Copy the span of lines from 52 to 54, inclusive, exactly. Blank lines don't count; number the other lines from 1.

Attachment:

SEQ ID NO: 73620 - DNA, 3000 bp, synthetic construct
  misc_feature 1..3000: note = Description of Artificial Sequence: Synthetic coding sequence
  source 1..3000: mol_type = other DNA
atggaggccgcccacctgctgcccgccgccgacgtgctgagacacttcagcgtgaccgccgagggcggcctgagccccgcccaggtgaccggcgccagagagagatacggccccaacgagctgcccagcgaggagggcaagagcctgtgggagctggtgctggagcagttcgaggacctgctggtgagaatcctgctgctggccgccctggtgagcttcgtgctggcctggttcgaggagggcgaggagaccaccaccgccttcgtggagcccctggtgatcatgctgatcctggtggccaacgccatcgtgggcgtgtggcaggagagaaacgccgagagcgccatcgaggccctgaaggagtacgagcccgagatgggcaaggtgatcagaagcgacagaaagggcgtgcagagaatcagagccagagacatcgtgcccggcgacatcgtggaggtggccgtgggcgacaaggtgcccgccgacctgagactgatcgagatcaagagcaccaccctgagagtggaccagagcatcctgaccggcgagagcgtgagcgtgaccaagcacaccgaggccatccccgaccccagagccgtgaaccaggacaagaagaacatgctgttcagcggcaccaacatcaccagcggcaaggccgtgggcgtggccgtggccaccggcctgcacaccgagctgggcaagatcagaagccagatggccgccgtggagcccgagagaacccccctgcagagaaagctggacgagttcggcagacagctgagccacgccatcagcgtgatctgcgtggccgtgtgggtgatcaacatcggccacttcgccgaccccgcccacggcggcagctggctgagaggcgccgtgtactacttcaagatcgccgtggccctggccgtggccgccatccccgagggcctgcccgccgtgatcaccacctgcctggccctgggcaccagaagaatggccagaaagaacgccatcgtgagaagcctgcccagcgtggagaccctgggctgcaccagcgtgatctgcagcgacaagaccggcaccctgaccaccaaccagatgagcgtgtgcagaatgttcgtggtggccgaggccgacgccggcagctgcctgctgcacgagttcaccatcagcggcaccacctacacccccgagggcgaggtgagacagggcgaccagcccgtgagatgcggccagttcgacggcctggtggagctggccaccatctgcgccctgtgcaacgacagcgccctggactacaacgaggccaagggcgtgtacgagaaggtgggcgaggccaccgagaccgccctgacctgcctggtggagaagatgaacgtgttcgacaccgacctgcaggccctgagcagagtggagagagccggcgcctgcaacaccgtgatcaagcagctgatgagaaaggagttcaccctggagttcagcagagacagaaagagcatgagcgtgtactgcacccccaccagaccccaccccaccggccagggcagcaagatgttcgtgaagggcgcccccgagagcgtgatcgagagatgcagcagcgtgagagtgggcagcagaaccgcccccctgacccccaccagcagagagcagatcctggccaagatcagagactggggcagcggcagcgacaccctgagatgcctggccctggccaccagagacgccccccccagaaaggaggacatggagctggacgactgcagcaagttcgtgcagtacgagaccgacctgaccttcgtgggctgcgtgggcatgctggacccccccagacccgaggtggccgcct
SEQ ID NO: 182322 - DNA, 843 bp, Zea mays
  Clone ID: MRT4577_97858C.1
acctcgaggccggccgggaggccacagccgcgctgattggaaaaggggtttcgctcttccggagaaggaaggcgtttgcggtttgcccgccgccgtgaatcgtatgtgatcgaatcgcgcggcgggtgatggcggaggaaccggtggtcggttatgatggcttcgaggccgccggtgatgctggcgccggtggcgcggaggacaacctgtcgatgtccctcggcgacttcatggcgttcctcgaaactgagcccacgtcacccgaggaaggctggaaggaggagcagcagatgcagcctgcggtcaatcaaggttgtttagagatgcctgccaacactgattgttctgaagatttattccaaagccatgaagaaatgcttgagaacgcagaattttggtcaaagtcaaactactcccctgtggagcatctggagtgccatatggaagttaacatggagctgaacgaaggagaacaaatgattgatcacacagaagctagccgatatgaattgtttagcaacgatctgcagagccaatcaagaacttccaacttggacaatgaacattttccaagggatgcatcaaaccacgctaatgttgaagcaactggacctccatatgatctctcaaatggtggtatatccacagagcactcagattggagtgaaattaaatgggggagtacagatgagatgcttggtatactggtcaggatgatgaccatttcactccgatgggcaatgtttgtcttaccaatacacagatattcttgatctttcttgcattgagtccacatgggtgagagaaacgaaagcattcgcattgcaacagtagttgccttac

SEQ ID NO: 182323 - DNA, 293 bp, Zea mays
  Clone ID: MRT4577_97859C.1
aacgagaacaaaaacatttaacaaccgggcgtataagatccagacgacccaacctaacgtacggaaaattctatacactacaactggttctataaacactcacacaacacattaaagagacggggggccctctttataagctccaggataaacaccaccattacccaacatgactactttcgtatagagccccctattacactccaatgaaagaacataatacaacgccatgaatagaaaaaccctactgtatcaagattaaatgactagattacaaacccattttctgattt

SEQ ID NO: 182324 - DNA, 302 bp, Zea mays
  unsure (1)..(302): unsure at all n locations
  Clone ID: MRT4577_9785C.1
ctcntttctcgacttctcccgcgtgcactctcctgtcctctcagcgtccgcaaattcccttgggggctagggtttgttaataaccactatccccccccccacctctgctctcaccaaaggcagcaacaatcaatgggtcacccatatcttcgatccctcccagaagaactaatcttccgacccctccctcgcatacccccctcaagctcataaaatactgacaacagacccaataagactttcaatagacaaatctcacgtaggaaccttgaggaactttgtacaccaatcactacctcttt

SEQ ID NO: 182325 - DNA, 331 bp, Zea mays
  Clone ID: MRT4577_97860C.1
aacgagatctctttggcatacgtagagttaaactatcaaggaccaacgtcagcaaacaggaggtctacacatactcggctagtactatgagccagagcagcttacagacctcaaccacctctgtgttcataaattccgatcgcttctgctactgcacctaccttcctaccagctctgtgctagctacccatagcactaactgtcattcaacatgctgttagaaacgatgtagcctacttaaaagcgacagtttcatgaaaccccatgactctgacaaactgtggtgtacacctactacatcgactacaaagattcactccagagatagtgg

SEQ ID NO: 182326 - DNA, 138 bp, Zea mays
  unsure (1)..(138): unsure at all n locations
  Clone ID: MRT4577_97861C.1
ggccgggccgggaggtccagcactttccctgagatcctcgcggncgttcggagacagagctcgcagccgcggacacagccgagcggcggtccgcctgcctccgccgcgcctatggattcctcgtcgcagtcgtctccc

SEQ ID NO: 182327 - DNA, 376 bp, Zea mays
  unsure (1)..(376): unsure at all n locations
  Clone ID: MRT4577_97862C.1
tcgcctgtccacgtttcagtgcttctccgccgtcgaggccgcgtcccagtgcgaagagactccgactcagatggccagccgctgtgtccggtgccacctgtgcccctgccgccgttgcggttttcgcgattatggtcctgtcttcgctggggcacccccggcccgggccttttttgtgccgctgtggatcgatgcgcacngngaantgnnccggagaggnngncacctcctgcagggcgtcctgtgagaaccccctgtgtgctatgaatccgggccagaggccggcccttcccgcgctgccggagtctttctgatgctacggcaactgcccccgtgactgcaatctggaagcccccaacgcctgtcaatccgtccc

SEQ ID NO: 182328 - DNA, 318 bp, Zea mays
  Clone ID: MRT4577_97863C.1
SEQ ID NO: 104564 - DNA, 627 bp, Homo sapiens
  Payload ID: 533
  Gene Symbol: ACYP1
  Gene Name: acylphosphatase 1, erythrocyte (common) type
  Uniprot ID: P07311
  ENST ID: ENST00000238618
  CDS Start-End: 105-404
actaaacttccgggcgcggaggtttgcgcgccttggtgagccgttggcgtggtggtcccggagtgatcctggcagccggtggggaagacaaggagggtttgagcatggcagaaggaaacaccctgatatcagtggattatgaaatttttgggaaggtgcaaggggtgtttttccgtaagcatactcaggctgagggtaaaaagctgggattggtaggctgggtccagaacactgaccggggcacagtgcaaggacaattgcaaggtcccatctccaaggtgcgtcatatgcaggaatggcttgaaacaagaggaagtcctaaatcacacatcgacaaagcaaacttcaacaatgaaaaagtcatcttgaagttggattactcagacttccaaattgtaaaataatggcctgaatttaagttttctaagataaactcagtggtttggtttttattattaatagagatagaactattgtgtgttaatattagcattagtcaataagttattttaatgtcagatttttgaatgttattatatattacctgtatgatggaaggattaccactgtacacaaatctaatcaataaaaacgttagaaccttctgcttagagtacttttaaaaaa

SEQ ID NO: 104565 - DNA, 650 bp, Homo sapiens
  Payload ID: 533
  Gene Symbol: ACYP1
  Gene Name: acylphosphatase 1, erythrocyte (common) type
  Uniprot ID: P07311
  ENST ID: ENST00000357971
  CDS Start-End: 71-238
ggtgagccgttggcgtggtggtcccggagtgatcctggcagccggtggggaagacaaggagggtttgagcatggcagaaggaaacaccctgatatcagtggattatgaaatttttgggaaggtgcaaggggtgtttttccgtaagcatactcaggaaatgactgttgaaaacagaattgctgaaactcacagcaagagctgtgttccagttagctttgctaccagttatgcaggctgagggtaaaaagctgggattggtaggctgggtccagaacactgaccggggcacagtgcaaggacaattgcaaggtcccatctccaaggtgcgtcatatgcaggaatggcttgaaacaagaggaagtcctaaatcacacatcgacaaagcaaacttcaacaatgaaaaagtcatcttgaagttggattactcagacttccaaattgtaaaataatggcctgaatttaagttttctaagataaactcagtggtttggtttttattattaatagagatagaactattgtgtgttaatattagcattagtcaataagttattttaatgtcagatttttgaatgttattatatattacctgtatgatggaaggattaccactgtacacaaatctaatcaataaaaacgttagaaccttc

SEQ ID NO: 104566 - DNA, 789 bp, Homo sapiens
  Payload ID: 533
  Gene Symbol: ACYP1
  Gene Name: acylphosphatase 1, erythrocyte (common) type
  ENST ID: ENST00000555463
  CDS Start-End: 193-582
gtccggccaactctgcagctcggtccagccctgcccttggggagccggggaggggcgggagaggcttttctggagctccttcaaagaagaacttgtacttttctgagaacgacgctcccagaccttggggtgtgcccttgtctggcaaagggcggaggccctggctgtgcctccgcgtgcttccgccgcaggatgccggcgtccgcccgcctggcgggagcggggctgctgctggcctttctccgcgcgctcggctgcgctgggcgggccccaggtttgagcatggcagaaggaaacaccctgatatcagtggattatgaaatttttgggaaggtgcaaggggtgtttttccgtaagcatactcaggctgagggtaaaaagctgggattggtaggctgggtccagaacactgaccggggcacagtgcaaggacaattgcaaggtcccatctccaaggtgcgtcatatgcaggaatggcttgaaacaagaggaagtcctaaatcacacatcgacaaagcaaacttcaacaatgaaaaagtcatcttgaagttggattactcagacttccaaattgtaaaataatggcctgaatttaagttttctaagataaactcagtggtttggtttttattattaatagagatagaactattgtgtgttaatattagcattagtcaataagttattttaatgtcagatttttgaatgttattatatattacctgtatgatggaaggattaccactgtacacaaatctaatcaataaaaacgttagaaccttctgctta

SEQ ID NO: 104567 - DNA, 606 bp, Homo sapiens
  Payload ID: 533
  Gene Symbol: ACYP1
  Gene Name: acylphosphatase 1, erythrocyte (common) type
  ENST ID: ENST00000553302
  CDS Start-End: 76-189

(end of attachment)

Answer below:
  Payload ID: 533
  Gene Symbol: ACYP1
  Gene Name: acylphosphatase 1, erythrocyte (common) type